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Five takeaways from Virginia lacrosse’s redemptive 15-10 win against #1 Notre Dame

What we learned from a dominant performance from the Wahoos.

Rachel Pincus, Notre Dame Athletics

A week after a heartbreaking overtime loss to the Maryland Terrapins, the Virginia Cavaliers men’s lacrosse team came storming back today against the first ranked Notre Dame Irish. Winning 15-10, UVA controlled the game early and came back with a knockout blow in the third quarter after Notre Dame tied the game early in the second half.

With a redemptive victory for the Wahoos after last week’s disappointment, we have five takeaways for the team moving forward.

Virginia is the best team in the country

With this win, the Cavaliers have once again established themselves as the best team in the country. The fact that Notre Dame, Maryland, and Virginia are all 1-1 against each other has (for now) established those three as the top teams in the country. But, considering Maryland’s February loss to Loyola and the fact that UVA’s five-goal win over the Irish trumps the overtime victories that Notre Dame has over Maryland and the Terrapins have over Virginia, the ‘Hoos should be #1 on Monday.

Beyond the resumes and the polls, today we saw just how complete this Virginia team can be when playing to its potential, particularly in six-on-six play. UVA dominated its individual matchups and, while Notre Dame was scrappy in the middle of the field and kept the game competitive with their ride and wing play on faceoffs, it wasn’t enough to hang with the Wahoos for 60 minutes.

Last week’s loss to Maryland is definitely still notable and UVA will probably have to get the Terrapin-shaped monkey off their back to win the National Championship in May. But the Terps are limited by their personnel and, if the ‘Hoos play as completely as they did today, Maryland can’t match up well enough against Virginia.

Obviously, there’s still plenty of season ahead for UVA with two games against #4 Duke (including this Friday at home) and another against Notre Dame. But, after this win, it’s hard to pinpoint a meaningful weakness for this squad.

Matt Nunes is back to his best

One potentially perceived weakness after the last few games — and the loss to Maryland especially — was the play of sophomore goalie Matt Nunes. While he hadn’t necessarily been bad, Nunes had definitely started slow in his last three outings and was quite susceptible to bounce shots against the Terrapins. With the vaunted Notre Dame offense including deadly shooters such as Eric Dobson and the Kavanagh brothers, there was probably some concern that the keeper from Texas would take time to get comfortable in the ugly South Bend weather.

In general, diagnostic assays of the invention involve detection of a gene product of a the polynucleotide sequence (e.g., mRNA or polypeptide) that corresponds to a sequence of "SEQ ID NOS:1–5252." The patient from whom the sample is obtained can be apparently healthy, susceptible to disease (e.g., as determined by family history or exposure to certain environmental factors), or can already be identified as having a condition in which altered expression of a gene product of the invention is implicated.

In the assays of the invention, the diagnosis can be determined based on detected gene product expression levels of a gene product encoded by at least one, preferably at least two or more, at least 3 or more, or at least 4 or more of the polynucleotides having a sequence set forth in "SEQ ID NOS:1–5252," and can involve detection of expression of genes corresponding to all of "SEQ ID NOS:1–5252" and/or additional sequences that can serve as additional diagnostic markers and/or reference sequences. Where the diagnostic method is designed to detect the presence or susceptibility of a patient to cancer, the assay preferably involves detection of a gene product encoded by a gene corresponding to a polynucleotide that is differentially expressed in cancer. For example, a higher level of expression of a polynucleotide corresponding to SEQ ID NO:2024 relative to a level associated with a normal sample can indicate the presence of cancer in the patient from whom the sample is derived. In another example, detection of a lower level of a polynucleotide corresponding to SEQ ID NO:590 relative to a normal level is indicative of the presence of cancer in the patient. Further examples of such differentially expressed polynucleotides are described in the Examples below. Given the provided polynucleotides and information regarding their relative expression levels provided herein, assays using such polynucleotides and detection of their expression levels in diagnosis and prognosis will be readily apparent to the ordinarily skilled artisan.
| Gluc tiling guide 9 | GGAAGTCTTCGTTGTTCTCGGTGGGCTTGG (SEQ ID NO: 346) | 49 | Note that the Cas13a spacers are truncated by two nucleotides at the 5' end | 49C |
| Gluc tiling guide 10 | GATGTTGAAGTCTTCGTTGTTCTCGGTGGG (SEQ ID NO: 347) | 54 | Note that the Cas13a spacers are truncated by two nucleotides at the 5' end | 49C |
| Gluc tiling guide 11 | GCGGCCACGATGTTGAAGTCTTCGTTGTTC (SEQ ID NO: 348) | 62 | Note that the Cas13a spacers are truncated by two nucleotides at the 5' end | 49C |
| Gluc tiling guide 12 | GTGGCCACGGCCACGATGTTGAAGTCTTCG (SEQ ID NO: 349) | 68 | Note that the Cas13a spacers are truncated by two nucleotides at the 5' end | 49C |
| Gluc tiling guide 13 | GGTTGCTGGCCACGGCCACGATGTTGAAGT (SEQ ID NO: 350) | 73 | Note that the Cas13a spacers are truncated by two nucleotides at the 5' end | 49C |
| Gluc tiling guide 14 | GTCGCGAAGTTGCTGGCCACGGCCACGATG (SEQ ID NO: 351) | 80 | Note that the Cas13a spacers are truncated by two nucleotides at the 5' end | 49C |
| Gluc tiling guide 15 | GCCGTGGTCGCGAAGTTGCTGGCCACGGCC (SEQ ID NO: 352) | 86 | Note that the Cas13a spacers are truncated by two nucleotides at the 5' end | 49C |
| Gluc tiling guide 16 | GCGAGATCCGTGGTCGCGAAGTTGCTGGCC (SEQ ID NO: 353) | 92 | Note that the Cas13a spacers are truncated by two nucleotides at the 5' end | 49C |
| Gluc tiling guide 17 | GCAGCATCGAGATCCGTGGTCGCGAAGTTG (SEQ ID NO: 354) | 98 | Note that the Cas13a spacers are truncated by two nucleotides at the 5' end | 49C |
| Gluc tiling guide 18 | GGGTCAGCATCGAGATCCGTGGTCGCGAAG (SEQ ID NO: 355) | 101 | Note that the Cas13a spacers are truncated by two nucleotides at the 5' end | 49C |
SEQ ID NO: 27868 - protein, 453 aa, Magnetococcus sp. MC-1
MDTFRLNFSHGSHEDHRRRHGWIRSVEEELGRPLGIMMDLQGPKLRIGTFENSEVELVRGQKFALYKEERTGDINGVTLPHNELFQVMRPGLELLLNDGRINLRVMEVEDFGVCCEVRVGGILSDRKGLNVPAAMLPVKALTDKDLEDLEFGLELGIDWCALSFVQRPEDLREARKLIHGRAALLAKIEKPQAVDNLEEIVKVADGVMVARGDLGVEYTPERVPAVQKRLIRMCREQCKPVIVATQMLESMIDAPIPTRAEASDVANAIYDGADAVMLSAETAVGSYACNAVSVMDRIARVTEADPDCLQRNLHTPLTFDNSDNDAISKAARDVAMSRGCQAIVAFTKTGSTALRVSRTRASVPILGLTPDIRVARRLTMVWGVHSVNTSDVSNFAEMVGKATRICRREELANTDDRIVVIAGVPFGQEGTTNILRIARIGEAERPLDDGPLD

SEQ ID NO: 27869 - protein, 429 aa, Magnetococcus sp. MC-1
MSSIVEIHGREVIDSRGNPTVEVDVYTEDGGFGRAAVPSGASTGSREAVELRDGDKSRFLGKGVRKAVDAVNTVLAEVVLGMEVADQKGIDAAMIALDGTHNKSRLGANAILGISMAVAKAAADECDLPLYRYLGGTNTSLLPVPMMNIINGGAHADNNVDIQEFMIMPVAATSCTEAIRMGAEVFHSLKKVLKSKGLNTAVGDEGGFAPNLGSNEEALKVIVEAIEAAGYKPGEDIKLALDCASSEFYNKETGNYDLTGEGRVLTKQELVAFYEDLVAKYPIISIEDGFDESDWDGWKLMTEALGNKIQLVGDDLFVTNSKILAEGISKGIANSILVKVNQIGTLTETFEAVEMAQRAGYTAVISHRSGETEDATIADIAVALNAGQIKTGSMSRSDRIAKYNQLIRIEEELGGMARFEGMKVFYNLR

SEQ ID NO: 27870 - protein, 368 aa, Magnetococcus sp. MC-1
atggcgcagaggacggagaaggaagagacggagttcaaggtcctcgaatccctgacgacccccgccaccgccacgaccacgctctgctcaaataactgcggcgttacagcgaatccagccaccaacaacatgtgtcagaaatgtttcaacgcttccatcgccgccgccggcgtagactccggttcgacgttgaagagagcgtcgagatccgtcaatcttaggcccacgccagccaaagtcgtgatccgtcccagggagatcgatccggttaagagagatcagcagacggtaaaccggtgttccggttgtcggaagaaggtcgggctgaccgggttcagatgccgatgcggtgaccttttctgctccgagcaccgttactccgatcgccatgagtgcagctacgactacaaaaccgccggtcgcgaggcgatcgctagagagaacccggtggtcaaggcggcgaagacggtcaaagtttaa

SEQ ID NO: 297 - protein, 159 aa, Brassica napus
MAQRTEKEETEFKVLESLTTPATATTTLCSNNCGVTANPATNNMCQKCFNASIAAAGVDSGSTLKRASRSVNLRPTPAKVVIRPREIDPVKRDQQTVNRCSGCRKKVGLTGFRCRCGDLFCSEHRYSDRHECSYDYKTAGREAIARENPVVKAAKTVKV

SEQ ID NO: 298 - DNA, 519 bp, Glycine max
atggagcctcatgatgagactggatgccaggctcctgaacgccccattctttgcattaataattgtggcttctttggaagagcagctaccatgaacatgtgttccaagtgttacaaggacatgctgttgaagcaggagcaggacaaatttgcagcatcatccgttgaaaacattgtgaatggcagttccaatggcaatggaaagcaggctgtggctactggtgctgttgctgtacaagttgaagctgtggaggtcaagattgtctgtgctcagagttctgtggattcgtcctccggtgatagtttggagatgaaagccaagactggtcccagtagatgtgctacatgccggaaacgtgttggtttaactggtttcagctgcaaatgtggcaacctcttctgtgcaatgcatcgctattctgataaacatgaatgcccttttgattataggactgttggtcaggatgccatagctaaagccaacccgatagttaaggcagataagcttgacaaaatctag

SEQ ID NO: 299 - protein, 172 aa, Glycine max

Yet, despite his recent play, Nunes had his best performance of the season saving 58.3% of Notre Dame’s shots on goal as he made 14 stops relative to 10 goals allowed. Beyond the raw numbers, he made a number of saves on the doorstep to stunt wide open looks and was better against step-down bounce shots as well.

Nunes’ ability really should never have been in question. The top-ranked goalie in the 2021 class, he seemed to have just fallen into a bit of a slump. The question was when and to what degree he would get out of it. Fortunately for Lars Tiffany’s team, the answer came immediately and to great effect. It wasn’t just his play in the net, either. Nunes was quite solid in the clearing game and made a number of plays out of the goal (including a diving save to prevent an open-net Notre Dame goal when Virginia was in its 10-man ride) to prevent the Irish from capitalizing on too many unsettled opportunities.

With Nunes backing up the individual, on-ball defenders Virginia has, this Wahoo defense can be very good and can realistically stymy any offense in the country.

Cade Saustad and Cole Kastner have themselves a day

Speaking of UVA’s individual defenders, Cade Saustad and Cole Kastner had themselves one heck of a day against Notre Dame’s Kavanagh brothers. Holding Pat (two goals, two assists) and Chris (two goals) to just six combined points compared to their average of 10.5 per game is quite an impressive feat.